Major cross-functional project Deep Brain Stimulation

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A motor circuit approach linking genes to behavior in Parkinson’s disease.

The major cross-functional project Deep Brain Stimulation (DBS) is an exciting collaborative, interdisciplinary and multi-species initiative at the Paris Brain Institute. By bridging approaches from human genetics, cellular neurobiology, computational approaches, physiology of motor circuits from genetic model organisms to humans, our aim is to build novel strategies to stimulate resilient motor circuits in Parkinson’s disease.

The originality of the DBS project lies in its interdisciplinary approach involving duos of researchers from different fields of neuroscience with very different backgrounds who will closely train the next generation of postdoctoral fellows.

Collective Interest Projects (CIPs) – Collaborative, interdisciplinary, innovative & transformative

We are now recruiting postdoctoral fellows dedicated to individual Collective Interest Projects, co-supervised by experts from diverse fields. These early-career researchers will receive interdisciplinary training, spanning genetics, cellular physiology, imaging, optogenetics, behavior, or modeling. We offer world class research facilities and double supervision from leaders across fields of neuroscience. You would be part of a dynamic community of young researchers within a highly collaborative environment!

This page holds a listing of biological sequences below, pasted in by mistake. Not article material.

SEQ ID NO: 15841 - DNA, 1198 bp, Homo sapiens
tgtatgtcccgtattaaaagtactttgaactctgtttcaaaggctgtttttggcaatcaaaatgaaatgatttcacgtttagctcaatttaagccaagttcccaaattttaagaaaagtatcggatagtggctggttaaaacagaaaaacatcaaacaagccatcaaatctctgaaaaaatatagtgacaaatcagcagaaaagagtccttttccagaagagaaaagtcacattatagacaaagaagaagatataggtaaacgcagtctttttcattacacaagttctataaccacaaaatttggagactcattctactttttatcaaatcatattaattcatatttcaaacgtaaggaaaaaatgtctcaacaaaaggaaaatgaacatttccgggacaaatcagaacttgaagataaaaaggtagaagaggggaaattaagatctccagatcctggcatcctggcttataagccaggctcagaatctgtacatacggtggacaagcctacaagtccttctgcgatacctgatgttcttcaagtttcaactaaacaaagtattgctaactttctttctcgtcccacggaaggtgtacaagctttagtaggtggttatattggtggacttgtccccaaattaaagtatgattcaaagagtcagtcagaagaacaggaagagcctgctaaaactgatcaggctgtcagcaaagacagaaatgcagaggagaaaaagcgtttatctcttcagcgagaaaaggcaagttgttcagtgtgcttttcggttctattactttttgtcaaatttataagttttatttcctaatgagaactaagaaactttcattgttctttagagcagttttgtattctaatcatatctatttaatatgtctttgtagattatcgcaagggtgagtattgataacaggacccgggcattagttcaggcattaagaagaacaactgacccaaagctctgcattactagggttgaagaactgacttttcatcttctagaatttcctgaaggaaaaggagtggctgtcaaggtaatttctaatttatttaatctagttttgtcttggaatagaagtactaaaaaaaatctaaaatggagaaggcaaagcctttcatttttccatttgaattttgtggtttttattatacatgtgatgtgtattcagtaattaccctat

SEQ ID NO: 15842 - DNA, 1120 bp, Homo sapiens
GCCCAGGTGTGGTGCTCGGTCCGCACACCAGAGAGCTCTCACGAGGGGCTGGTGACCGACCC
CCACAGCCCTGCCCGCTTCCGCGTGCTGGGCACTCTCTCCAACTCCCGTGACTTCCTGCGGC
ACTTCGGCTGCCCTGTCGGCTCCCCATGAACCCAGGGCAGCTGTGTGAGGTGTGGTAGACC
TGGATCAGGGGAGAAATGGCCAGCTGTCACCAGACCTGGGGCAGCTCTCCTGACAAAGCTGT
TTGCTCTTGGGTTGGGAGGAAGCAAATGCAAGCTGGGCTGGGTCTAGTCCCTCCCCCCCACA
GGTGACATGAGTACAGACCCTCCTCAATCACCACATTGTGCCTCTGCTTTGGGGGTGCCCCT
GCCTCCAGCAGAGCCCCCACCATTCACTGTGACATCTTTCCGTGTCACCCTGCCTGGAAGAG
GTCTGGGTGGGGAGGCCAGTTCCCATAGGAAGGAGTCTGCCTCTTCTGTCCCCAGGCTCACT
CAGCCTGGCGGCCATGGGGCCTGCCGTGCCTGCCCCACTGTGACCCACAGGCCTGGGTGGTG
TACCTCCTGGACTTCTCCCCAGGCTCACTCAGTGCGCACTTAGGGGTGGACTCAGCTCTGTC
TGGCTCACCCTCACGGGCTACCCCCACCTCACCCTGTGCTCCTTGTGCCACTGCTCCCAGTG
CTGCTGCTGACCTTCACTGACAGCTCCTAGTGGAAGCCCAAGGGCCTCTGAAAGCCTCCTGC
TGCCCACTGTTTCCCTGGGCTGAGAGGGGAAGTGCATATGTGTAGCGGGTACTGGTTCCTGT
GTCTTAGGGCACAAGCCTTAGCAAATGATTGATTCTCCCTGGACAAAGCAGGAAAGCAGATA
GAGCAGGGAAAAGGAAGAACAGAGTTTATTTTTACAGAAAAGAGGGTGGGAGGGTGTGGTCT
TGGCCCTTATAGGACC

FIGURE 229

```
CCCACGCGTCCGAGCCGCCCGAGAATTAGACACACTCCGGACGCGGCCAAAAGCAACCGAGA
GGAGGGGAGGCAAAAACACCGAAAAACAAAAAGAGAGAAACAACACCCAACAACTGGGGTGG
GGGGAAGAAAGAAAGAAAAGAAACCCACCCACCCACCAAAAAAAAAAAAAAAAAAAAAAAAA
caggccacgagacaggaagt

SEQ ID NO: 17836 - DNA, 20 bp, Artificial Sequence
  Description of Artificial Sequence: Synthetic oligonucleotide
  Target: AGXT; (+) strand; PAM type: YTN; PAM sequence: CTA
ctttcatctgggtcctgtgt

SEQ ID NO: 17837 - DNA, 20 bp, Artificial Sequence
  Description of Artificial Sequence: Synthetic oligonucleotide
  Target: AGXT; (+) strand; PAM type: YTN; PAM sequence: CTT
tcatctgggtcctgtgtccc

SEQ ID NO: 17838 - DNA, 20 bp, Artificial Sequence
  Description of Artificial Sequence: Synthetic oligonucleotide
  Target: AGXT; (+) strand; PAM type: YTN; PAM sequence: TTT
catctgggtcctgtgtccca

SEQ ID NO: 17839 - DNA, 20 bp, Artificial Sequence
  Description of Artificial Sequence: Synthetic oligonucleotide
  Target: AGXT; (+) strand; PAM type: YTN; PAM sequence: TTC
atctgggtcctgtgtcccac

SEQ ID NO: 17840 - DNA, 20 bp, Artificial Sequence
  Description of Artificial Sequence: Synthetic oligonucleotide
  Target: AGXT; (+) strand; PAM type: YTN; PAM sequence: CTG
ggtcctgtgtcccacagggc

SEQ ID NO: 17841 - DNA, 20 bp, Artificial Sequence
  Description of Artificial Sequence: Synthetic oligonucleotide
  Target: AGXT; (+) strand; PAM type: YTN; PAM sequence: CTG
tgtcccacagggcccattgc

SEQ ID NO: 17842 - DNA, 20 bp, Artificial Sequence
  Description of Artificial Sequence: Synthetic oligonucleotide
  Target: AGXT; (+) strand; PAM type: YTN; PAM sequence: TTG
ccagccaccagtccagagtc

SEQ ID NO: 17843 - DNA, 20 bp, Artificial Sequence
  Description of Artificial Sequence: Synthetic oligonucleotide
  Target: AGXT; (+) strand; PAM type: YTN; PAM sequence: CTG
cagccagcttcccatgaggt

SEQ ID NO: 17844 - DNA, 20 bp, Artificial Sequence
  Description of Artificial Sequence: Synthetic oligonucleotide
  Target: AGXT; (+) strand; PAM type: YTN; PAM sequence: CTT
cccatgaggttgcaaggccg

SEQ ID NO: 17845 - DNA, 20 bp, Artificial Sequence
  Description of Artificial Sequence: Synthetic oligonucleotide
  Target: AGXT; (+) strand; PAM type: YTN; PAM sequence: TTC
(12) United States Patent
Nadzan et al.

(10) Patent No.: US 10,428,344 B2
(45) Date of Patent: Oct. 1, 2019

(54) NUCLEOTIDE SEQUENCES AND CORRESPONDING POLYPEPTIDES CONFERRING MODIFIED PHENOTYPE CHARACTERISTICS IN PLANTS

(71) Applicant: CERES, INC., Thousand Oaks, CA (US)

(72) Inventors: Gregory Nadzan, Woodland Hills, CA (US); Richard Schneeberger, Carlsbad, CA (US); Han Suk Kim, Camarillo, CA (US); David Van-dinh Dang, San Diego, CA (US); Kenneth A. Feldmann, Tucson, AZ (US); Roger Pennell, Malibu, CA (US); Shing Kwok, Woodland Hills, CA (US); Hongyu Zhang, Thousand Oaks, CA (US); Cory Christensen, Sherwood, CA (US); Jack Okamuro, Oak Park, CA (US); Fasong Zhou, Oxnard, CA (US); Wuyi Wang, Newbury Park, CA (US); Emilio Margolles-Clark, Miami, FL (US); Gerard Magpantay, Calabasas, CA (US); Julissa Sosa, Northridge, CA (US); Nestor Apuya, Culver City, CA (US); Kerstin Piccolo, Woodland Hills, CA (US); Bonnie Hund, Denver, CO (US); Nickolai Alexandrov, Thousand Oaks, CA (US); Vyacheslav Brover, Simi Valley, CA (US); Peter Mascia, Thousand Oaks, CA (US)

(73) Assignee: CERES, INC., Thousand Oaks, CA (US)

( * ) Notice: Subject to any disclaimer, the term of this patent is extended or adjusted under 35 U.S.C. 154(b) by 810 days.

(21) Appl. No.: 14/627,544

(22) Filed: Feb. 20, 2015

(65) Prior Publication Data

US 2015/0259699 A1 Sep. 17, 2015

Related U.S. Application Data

The DBS project has 3 main aims:

Aim 1

Investigate uncharacterized mutations in PD patients and validate them in genetic model organisms (nematodes, flies, zebrafish) and human-induced pluripotent stem cells (hiPSCs).

3 Paris Brain Institute teams, 7 PIs: Brice, Corti, Lesage, Ravassard, Bizat, Sitt, Wyart

Aim 2

Link candidate PD mutations to dysfunctions of dopaminergic neurons using human in vitro 3D self-assembled systems called assembloids.

5 Paris Brain Institute teams, 6 PIs: Ravassard, Rebola, Corti, De Juan-Sanz, Hadjeconomou, Wyart

 Aim 3

Investigate markers for resilient motor circuits in the MLR that can trigger locomotion and that could be specifically stimulated using genetic-based non-invasive approaches such as ultrasounds and sonogenetics.

7 Paris Brain Institute teams, 8 PIs: Wyart, Lau, Karachi, Welter, Pouget, Bacci, Ravassard, Rebola



Development of innovative technological methods: sensors, fluorescent dynamic imaging, functional ultrasounds.

Collaborating with several Paris Brain Institute Platforms:

Collaborations with the industry: companies 3i (IDV, Paris) and Karthala (IBENS, Paris), to design new imaging solutions for monitoring and manipulating neuronal population activity.


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